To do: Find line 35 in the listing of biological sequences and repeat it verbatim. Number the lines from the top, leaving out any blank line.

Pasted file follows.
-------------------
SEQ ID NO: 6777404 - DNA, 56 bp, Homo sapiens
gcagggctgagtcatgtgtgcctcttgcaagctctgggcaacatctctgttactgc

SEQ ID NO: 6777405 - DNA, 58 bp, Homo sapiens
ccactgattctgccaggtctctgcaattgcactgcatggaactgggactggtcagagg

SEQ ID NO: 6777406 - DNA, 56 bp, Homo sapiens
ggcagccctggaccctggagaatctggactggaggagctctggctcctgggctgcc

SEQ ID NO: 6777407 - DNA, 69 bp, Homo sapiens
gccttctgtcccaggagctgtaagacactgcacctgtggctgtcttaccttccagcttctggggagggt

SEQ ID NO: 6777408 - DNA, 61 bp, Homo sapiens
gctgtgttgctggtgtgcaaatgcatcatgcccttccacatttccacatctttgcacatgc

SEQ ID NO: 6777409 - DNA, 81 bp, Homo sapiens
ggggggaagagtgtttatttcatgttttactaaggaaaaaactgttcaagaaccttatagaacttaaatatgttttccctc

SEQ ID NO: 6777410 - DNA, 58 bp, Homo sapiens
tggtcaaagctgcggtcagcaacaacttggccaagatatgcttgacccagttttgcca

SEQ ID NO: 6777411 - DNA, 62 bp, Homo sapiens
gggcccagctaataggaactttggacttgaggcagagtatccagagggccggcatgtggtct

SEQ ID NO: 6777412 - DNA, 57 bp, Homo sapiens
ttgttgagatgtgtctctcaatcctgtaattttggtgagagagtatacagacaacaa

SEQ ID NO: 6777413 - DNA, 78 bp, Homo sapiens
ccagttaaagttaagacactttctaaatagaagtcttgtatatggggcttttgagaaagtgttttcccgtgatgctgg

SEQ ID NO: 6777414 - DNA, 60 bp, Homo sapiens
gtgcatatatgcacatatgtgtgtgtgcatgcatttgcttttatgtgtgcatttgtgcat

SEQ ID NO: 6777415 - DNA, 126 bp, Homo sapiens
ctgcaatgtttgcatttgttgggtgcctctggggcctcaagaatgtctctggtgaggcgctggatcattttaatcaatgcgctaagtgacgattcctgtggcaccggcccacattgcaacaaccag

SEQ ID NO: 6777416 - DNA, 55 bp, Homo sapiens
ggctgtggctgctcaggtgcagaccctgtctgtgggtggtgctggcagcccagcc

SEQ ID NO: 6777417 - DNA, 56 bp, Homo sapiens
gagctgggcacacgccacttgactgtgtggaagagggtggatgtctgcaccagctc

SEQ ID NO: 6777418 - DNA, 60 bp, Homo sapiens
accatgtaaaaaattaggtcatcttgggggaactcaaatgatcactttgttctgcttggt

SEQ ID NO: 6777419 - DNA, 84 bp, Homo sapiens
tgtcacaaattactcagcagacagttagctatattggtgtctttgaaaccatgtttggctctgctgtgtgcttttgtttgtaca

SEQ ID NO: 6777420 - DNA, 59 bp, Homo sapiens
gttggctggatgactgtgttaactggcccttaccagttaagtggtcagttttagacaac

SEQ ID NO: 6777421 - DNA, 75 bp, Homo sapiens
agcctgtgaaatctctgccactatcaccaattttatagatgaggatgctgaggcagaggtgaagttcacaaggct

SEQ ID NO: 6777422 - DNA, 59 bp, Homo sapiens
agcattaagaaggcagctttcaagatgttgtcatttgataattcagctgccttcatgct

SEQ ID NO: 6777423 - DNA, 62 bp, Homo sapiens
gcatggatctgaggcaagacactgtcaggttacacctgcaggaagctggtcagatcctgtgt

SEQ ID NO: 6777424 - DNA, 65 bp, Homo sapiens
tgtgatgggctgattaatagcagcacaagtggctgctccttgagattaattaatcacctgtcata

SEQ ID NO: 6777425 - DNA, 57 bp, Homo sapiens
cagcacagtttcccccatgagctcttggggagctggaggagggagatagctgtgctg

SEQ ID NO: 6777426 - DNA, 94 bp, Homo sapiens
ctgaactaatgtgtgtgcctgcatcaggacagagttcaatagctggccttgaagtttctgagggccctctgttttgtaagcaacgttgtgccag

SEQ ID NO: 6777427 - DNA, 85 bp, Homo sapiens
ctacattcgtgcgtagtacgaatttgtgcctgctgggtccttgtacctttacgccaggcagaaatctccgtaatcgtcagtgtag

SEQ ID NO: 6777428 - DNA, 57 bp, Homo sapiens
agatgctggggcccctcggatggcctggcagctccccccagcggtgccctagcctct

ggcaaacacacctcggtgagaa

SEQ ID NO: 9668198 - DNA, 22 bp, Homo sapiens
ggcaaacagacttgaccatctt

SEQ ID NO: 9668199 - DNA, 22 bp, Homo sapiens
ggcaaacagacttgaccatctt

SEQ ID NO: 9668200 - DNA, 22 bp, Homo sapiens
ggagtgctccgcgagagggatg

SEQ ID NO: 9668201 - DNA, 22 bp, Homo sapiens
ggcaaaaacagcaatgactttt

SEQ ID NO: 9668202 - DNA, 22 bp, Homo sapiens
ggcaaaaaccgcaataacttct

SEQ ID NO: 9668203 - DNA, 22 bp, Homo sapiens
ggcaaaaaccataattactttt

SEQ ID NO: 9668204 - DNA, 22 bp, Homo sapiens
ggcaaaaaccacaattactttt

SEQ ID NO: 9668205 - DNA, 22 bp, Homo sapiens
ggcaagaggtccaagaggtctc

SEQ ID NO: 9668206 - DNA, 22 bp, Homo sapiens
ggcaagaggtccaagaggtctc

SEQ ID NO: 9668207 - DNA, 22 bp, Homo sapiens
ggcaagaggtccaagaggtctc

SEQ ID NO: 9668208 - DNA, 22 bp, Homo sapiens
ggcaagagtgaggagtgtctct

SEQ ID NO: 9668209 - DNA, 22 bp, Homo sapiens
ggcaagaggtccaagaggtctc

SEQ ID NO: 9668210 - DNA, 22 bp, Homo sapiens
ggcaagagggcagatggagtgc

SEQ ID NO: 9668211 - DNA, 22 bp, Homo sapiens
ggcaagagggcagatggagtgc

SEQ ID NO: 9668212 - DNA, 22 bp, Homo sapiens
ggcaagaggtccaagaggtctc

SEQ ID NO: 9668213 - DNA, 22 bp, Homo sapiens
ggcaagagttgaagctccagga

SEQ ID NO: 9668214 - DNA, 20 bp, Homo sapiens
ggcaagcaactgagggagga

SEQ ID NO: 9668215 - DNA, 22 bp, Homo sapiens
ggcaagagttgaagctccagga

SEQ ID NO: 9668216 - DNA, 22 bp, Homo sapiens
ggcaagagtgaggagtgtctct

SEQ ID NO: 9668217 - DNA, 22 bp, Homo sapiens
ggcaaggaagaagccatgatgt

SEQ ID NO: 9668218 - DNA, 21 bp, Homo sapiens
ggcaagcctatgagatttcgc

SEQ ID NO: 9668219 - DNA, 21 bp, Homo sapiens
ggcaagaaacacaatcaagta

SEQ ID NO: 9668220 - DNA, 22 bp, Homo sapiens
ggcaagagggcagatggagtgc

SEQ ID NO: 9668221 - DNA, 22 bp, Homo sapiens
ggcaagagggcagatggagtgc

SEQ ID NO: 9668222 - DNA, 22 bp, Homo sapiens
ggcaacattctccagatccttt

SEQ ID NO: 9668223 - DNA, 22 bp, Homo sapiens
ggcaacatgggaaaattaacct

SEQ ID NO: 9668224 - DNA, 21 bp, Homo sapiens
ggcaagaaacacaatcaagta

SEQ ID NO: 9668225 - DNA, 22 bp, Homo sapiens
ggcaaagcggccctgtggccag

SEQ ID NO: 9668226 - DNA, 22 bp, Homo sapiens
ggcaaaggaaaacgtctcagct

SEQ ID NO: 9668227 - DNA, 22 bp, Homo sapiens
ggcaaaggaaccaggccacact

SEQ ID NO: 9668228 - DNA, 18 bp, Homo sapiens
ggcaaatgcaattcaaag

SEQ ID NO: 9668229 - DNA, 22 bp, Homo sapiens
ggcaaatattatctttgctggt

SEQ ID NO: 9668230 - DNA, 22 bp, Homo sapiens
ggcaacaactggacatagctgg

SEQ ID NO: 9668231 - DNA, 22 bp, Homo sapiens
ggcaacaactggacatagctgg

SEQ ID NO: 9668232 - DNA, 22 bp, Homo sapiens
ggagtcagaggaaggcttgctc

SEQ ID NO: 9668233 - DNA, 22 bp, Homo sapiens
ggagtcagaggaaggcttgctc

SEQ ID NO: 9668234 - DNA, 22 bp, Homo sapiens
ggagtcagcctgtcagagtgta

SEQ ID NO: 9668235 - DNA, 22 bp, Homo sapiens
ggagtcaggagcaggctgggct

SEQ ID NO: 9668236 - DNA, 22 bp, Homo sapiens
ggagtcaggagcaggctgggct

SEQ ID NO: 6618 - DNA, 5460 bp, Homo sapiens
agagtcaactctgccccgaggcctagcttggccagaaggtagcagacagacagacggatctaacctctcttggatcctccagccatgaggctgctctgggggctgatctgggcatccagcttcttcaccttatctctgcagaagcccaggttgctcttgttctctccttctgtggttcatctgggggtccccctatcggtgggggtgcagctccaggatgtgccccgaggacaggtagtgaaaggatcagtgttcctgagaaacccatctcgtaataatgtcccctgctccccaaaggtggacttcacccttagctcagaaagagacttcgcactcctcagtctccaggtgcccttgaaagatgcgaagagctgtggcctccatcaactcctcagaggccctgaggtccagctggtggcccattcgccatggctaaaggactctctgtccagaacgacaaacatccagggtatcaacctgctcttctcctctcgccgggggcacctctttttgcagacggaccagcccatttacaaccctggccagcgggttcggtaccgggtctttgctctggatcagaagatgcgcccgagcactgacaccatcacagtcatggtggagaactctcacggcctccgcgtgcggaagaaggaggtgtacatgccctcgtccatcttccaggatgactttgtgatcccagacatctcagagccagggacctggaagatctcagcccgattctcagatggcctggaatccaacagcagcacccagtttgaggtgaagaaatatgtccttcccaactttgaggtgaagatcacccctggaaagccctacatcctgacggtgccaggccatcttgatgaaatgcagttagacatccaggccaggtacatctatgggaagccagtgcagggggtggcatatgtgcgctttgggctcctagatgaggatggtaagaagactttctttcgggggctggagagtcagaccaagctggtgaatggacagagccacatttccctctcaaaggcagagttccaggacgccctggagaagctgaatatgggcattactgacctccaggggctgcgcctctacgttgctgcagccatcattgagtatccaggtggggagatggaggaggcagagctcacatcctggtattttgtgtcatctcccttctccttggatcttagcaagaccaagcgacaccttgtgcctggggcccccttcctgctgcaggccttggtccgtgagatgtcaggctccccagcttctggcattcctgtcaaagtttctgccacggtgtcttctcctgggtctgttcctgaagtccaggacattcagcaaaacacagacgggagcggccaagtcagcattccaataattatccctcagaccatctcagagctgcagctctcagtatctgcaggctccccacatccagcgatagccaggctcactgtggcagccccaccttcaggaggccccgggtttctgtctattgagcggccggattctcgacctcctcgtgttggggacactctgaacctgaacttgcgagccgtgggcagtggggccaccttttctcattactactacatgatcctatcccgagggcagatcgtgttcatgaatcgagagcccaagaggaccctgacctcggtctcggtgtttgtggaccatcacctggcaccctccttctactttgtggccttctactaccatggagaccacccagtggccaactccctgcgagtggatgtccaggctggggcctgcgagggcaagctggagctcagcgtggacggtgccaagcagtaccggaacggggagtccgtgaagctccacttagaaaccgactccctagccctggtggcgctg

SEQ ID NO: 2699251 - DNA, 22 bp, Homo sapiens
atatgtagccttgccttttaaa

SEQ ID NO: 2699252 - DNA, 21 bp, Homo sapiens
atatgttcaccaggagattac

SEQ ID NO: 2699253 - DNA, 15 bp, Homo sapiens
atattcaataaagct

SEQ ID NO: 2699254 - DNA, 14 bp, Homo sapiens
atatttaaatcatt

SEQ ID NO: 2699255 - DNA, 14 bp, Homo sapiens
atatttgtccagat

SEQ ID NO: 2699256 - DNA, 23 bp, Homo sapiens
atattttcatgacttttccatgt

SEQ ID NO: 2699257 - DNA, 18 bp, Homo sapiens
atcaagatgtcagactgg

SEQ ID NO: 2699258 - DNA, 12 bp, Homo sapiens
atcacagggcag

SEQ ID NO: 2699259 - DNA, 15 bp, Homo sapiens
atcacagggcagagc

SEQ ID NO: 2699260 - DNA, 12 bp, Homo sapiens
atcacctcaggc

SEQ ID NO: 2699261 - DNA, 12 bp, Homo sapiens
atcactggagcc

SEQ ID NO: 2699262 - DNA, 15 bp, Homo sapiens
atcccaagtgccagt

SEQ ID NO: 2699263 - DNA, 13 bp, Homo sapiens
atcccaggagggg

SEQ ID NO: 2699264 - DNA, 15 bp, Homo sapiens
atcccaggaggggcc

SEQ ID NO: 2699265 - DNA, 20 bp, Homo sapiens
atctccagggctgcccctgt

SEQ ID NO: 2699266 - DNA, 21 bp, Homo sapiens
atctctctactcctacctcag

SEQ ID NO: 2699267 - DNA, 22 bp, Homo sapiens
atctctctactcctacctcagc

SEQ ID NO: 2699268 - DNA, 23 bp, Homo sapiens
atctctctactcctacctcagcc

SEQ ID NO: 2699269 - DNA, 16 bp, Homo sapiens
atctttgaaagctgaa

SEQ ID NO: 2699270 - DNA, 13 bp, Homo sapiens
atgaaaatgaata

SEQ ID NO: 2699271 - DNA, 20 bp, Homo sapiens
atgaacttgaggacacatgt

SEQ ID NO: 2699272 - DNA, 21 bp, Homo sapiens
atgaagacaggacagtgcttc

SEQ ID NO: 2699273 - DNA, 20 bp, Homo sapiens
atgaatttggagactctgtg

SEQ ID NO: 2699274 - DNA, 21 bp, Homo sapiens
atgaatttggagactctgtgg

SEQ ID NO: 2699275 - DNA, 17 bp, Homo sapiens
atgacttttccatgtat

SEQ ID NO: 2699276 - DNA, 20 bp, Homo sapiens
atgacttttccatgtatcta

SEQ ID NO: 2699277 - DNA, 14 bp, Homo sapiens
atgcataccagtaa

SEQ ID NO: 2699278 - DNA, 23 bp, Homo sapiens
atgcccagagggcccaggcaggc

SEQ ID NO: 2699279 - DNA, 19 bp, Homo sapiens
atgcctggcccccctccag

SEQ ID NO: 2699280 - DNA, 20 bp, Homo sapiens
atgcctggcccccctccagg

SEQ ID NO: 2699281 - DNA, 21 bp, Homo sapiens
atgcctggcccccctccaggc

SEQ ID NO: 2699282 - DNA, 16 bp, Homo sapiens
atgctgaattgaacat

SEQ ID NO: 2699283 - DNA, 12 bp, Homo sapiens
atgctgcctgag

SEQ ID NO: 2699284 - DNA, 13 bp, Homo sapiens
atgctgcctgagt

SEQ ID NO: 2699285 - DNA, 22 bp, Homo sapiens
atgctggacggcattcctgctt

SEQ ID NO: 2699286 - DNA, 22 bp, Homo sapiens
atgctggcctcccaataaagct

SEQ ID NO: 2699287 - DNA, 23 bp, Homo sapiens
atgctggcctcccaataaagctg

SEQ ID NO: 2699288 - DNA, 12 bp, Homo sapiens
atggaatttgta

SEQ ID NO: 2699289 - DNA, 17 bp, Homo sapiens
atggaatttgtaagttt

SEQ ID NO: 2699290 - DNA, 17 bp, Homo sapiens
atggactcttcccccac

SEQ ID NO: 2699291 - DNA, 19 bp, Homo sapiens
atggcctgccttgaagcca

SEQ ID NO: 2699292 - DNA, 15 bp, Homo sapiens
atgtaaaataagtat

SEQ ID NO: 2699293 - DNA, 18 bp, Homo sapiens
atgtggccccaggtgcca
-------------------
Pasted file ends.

SEQ ID NO: 6777421 - DNA, 75 bp, Homo sapiens